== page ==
Proteomics and Related Applications in Oral Cancer and Sjögren's Syndrome

Proteomics and Related Applications in Oral Cancer and Sjögren's Syndrome

Shen Hu (University of California, USA)
DOI: 10.4018/978-1-60566-733-1.ch002
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Abstract

Proteomics is the study of a complete set of proteins present in a biological system using the technologies of large-scale protein separation and identification. It is a powerful approach for biomedical research because it aims for a comprehensive, quantitative analysis of protein expression and its changes under biological perturbations such as disease or drug treatment. The purpose of this book chapter is to give an overview of proteomics using mass spectrometry and protein microarrays and to discuss related applications of proteomics in oral cancer and Sjögren’s syndrome. Proteomics may significantly accelerate the oral disease research by providing a novel molecular technology to discover protein biomarkers for disease diagnosis/prognosis, to elucidate the molecular determinants underlying the disease mechanism, and to identify novel targets for therapeutic intervention.
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Mass Spectrometry-Based Proteomics

Modern proteomics is primarily driven by mass spectrometry (MS), an exquisite analytical technology which measures the mass-to-charge ratio of ionized molecules. A commonly used approach for proteomic studies is based on 2-D gel electrophoresis (2-DE) with MS. In this approach, proteins are initially mapped out by 2-DE or 2-D differential gel electrophoresis (DIGE). To identify a proteins of interest, the protein spot is excised for in-gel digestion and the resulting peptides are analyzed using matrix-assisted laser desorption/ionization (MALDI) or electrospray (ESI) with time-of-flight MS (TOF MS) or more sophisticated tandem MS. The obtained masses are then in silico compared to either a proteome or genome database to find the best matched protein. This is achieved by using a computer program for database searching (e.g., MASCOT or SEQUEST), which calculates the absolute masses of theoretical peptides from each protein in the database and then compares the peptide masses of the unknown protein to the theoretical peptide masses of each protein in the database. The protein identification method based on MALDI-TOF MS or ESI-TOF MS with database searching is also known as peptide mass fingerprinting (PMF) (Pappin, 1993; Mann, 1993, Yates, 1993). Typically PMF is for the identification of an isolated protein. The presence of a protein mixture can significantly complicate the analysis and potentially compromise the results. Therefore, a mixture of 2 or more proteins typically requires the use of tandem MS to achieve confident identification of the proteins.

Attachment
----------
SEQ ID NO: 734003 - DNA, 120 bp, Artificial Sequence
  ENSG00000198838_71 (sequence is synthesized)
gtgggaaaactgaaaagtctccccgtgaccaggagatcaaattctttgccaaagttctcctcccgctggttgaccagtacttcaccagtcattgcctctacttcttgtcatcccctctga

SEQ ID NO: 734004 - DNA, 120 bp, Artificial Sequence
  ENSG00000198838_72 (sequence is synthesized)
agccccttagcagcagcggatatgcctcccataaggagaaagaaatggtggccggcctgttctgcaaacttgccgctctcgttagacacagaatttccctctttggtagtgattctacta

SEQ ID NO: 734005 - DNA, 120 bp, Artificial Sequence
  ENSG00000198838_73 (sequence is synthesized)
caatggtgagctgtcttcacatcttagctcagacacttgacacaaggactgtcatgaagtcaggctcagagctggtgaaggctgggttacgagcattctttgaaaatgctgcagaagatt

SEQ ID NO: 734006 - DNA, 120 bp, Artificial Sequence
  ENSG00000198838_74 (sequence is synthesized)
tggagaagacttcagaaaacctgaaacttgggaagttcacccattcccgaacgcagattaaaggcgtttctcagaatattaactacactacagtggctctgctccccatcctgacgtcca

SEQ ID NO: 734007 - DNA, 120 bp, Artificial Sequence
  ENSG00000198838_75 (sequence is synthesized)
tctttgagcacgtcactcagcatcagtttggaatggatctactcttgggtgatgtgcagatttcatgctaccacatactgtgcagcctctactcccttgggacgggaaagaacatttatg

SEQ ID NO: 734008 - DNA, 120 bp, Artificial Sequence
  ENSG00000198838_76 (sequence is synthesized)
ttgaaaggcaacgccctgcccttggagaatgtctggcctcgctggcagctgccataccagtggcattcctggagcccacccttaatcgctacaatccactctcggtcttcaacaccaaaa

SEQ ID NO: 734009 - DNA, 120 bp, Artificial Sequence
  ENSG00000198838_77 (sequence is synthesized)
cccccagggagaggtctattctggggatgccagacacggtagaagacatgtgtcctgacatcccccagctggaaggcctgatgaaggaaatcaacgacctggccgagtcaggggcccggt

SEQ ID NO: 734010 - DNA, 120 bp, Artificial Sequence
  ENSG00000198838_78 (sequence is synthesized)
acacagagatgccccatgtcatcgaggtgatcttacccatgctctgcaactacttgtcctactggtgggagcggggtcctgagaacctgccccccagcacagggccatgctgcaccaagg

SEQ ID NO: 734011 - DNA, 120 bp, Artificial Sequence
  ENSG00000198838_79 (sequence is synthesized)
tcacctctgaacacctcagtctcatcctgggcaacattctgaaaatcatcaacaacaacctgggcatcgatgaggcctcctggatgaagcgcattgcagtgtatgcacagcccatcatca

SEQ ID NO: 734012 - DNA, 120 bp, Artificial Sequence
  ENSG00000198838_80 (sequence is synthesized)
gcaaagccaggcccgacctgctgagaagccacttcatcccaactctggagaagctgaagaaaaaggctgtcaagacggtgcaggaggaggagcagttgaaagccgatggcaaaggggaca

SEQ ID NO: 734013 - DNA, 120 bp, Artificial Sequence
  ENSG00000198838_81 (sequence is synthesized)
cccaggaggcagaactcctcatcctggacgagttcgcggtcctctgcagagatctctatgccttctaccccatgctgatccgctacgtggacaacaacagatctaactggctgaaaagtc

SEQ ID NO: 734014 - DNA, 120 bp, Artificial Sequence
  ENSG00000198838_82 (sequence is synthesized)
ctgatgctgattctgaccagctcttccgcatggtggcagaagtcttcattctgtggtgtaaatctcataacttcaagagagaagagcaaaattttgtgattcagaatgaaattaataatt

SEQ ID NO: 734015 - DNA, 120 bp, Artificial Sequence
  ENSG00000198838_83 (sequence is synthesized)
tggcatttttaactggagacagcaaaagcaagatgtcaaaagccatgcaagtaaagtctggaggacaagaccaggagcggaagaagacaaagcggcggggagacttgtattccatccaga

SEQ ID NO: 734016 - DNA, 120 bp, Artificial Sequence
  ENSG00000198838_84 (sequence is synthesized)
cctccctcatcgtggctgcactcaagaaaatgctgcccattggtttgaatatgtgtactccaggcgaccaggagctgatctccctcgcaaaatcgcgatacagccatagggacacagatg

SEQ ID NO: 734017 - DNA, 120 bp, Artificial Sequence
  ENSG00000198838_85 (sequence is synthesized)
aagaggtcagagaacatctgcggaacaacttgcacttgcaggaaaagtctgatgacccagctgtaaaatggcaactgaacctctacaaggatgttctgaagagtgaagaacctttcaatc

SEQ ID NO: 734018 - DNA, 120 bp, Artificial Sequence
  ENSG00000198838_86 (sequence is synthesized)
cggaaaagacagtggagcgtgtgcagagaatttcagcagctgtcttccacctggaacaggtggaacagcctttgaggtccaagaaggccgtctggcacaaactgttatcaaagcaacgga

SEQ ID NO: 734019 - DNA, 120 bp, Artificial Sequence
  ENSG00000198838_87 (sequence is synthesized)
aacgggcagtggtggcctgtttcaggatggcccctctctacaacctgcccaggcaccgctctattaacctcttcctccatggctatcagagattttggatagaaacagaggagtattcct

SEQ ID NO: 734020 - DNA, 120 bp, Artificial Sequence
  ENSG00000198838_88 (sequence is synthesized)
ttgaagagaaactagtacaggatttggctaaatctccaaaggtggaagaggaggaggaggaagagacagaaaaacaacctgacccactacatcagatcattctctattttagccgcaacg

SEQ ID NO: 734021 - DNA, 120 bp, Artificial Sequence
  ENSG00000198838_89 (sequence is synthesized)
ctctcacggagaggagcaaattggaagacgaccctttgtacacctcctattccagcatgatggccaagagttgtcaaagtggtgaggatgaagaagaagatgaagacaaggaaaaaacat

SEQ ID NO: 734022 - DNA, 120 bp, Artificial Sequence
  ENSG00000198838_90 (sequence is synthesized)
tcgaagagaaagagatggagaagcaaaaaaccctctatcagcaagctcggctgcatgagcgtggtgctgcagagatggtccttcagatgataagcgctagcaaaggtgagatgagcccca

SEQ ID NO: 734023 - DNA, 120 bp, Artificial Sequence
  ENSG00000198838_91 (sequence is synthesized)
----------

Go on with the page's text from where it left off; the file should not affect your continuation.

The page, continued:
Tandem MS, also known as MS/MS, involves multiple stages of MS analysis, with some form of fragmentation occurring in between the stages (Aebersold & Mann, 2003). Tandem MS can be done in space by using physically separated mass analyzers with a collision cell between these elements for molecule fragmentation. For example, one mass analyzer can isolate a peptide ion from many entering a mass spectrometer. The peptide is then broken into smaller fragments in the collision cell by collision-induced dissociation (CID) and a second mass analyzer measures the fragment ions produced from the peptide. Tandem MS can also be done in time. Ions are trapped in a single mass analyzer with multiple MS steps taking place over time, as in a quadruple ion trap or Fourier transform MS (FT-MS) instrument.

Shotgun proteomics refers to the direct analysis of complex protein mixtures to rapidly generate a global profile of the protein complement. It mainly relies on tandem MS and database-searching algorithms for peptide and protein identification. The shotgun approach has been facilitated by the use of multidimensional protein identification technology (MudPIT), which incorporates 2-D liquid chromatography (2-D LC), ESI-MS/MS, with SEQUEST database searching (Washburn, 2001; Wolters, 2001). Due to its high resolving power and compatibility with ESI-MS, 2-D LC represents a primary separation method for peptides in proteomics. To realize an in-depth proteome analysis, other liquid separation techniques such as capillary electrophoresis, zoom isoelectric focusing, free-flow electrophoresis, can be used for prefractionation of proteins prior to 2-D LC-MS/MS to achieve a more comprehensive proteomic analysis (Guo, 2006; Zuo, 2006; Xie, 2006).

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